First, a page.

1. Where’s the backstory? I’m heading into this book thinking I’m going to get just a bit of info to explain Alysha and her MANY cousins and I get bupkes. Zip. Zero. Nada. Zilch. I get the word "Aunties" thrown in at one point and I end up confused because guess what? “Cousins” and “Aunts” were part of the world Huff created in The Keeper’s Chronicles, whose lead character Claire Hansen kicked major ass. But the terms I knew there don’t apply here. In The Enchantment Emporium Huff quite literally means Aunts and cousins the way everyone does, which is as terms of familial relationships and not titles of power like they were in say for example, Summon the Keeper. (Sidenote: Claire was known as Aunt Claire, and her position and title meant that she had the power to mend holes in the fabric of the universe that allowed for metaphysical entities, i.e. ghosts, goblins, hellhounds, etc., to bleed through. Awesome, right? And if you’re anything like me, that little tidbit about that book has piqued your interest enough to find a copy of your own.)

Instead, I end up with Aunties and cousins, and mentions of rituals and charms and the idea that these Gales have the power to change lives and do so when necessary. But I don’t get any info on why they were given these powers or even if their rituals are meant to do anything that actually benefits anyone or if they’re just a matter of being flashy in the book. Which leads to…

2. Gale Boys. Big whoop, in my opinion. Over-indulged frat boys on one hand (at least when they're young) and serious holders of the Gale family power on the other. Because it’s not common for boys to be born to the Gale family, as they are mostly girls, hence the Aunties, when a boy is born in the Gale family it’s a big freakin’ deal. These boys need to be kept an eye on and the Aunties ensure that these Gale boys learn to harness their magic. They are doted on constantly, no jokes about it, and to tell you the truth, because of the lack of backstory, I really couldn’t care why. I just thought they were a bit…ugh really. David, Alysha’s brother, is the major Gale boy in question during the events of this novel and the Aunties are as desperate to keep him in line as Alysha is to keep her brother safe and happy. But thanks to a lack of backstory, I didn’t really get the whole devoted sibling vibe out of Alysha and David. Alysha and Charlie, sure, but the relationship with the supposed big kahuna, over-protective brother? Not so much. And Gale boys lead to…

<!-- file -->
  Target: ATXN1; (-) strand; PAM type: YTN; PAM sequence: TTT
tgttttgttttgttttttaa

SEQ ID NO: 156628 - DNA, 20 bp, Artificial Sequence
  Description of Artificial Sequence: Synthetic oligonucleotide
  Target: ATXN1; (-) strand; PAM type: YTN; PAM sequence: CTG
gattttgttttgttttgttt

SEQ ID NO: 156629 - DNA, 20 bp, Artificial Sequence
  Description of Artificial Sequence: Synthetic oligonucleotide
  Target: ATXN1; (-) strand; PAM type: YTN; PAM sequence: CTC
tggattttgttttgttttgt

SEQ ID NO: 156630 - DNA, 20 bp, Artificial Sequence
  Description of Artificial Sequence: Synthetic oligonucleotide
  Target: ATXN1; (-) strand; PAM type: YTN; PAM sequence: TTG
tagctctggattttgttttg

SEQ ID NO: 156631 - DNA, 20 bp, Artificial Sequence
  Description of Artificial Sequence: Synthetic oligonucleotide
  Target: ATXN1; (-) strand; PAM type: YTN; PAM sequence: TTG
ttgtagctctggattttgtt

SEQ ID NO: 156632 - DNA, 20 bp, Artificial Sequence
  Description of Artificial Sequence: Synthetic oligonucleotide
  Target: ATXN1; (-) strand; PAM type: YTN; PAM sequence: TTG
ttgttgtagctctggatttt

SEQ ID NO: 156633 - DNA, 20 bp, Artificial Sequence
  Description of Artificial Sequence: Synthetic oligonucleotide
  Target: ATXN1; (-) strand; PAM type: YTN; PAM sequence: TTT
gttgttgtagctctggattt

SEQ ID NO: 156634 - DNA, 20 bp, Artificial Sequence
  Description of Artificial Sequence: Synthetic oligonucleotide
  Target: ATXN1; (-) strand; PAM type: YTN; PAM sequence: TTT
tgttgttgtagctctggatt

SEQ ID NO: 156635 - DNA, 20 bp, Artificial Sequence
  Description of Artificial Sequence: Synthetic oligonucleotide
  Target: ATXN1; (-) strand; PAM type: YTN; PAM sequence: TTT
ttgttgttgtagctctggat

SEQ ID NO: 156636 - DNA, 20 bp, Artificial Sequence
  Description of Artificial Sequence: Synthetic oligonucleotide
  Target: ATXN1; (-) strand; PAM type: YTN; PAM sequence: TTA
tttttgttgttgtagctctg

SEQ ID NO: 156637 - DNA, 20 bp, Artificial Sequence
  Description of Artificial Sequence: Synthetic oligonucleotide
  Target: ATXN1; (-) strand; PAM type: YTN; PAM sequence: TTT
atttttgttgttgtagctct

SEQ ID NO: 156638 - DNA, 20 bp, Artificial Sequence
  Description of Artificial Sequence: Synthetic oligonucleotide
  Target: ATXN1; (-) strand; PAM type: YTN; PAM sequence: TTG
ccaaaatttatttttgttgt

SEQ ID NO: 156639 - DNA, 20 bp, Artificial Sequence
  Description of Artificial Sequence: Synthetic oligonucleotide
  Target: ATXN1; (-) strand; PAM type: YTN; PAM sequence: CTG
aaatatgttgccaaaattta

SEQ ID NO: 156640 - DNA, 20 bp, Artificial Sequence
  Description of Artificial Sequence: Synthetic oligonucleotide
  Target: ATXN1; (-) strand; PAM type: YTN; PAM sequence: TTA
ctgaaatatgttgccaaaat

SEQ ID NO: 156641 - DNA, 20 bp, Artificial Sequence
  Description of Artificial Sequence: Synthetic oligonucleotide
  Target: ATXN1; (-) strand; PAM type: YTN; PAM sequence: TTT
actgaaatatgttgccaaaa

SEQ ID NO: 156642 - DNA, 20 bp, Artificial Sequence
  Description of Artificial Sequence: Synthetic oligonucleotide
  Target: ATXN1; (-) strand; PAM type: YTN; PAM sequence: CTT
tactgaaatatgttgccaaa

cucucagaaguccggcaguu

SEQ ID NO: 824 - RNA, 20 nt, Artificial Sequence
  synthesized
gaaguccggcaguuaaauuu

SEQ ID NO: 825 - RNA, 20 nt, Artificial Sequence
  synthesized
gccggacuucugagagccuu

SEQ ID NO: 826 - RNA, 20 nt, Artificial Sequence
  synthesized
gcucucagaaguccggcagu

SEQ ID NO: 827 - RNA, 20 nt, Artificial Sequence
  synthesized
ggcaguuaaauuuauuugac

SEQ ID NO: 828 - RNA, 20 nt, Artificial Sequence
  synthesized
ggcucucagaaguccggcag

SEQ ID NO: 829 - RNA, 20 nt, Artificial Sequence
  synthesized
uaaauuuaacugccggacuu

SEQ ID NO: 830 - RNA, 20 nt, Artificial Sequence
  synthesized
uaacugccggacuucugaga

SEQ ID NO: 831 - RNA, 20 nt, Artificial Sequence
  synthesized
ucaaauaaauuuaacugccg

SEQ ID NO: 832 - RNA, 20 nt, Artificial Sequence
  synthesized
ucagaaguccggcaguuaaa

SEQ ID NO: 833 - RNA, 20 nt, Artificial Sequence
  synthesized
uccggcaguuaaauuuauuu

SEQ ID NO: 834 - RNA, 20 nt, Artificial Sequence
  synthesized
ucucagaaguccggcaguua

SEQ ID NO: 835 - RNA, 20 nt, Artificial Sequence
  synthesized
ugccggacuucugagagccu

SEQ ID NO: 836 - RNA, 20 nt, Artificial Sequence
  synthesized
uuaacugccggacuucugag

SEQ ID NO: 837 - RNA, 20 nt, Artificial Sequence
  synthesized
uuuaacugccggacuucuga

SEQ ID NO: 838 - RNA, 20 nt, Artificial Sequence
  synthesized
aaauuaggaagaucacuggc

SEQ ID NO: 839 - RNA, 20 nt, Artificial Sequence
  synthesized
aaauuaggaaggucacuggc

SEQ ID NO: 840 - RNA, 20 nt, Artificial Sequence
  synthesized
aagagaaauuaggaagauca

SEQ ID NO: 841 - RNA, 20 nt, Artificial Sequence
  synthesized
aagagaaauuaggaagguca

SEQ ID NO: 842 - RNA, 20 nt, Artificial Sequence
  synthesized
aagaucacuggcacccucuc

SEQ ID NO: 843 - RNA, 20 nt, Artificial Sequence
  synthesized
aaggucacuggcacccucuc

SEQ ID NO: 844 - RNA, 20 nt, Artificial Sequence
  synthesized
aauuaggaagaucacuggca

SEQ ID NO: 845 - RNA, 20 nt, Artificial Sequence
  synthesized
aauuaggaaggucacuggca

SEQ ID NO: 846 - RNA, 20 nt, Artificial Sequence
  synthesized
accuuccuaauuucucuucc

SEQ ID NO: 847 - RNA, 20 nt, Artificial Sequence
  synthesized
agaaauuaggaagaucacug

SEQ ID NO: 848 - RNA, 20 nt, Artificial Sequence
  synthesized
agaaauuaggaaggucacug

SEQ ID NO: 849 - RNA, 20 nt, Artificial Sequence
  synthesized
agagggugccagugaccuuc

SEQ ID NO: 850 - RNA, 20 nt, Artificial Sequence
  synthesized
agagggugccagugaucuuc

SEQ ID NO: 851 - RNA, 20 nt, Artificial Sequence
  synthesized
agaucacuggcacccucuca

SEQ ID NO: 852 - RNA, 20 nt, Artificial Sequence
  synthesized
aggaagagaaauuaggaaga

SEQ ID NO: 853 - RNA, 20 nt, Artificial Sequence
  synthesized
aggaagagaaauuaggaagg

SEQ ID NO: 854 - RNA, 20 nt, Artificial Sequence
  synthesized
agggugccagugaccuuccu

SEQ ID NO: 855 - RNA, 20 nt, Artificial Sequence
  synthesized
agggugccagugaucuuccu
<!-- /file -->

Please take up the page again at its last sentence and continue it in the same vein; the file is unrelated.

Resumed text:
3. Slightly icky sexual relationships between family members. I’m not kidding. If you’ve read other reviews about this book, and I mean the ones that gave 3 stars or less, they’ve mentioned the ick factor concerning the sex between cousins. If you’ve stuck with me this far you’ll remember how I mentioned that the Gale Aunties like to keep their power close. You’ll also remember how it’s rare for boys to be born in this family and how their females dote on them. Which all adds up to the fact that the Gale boys choose a Gale girl to settle down and eventually procreate with but not until after they’ve worked through their list of the Gale girls they want to “try out” first.


I tried, believe me, I tried to get past it and yeah, the book does mention that the Aunties try to make sure that family lines are never too closely crossed when their Gale boys settle down with the Gale girl cousin of their choosing. But the fact that there is a list for each of these over-indulged boys just seems squicky. It’s like these boys are little emperors and their list equates the Gale girls on that list to essentially a harem. And some of these girls are willing to do whatever it takes to secure themselves a Gale boy. Even Alysha takes part in all this bed-hopping, which doesn't limit itself between guys and gals, so maybe there's power there for these poor Gale girls in that sometimes they choose another Gale girl to settle down with. But back to Alysha, this is why I say she's better off without all the family interference as all bets are off when she's under their immediate influence. It’s all just a matter of family to them and while I was willing to overlook that, since the family lines are monitored, I started to wonder if maybe they weren’t always so careful. Charlie and David were supposedly considered too close at one point in the book to "join together", supposedly, but then Charlie makes a squick comment on page 376 of the mass market paperback edition that just made me go “blegh” and begin to question the logistics of this family’s intermingling yet again. Once more, a more inclusive backstory could have helped here. Actually, scratch that, it would definitely have helped here. And just another note, there is something seriously wrong if yet another mention of icky sexual relations between cousins in this book has me starting to roll my eyes in response. Seriously. Very wrong. In the back of my head Invader Zim's Gir is saying, "I know, I'm scared too." That's how wrong.

After all that, the main conflict to this novel just never really took off for me. I got that there was an imminent threat that Alysha was dealing with but that didn’t start to take center stage until about half way through the book. There was more time spent dealing with family issues than the big bad which just made it all anti-climactic by the end. And then there’s some serious dealings with Alysha and her commitment to her big brother David’s happiness that I just didn’t feel invested in emotionally. By the end I just thought, “okay, oh well” and finished the book.

So would I recommend it? Maybe, but I send you towards the book with my list in mind. Maybe it’ll float your boat. Maybe you’ll hate it. I’m basically sitting on the fence leaning precariously over towards the side of the not so keen on this book. Which sucks since I bought the sequel The Wild Ways, which focuses on Charlie, and realized that I was just getting even more of the same ho-hum, oh well, kinda okay, maybe not so much, kind of story.

Rating: 5 Stars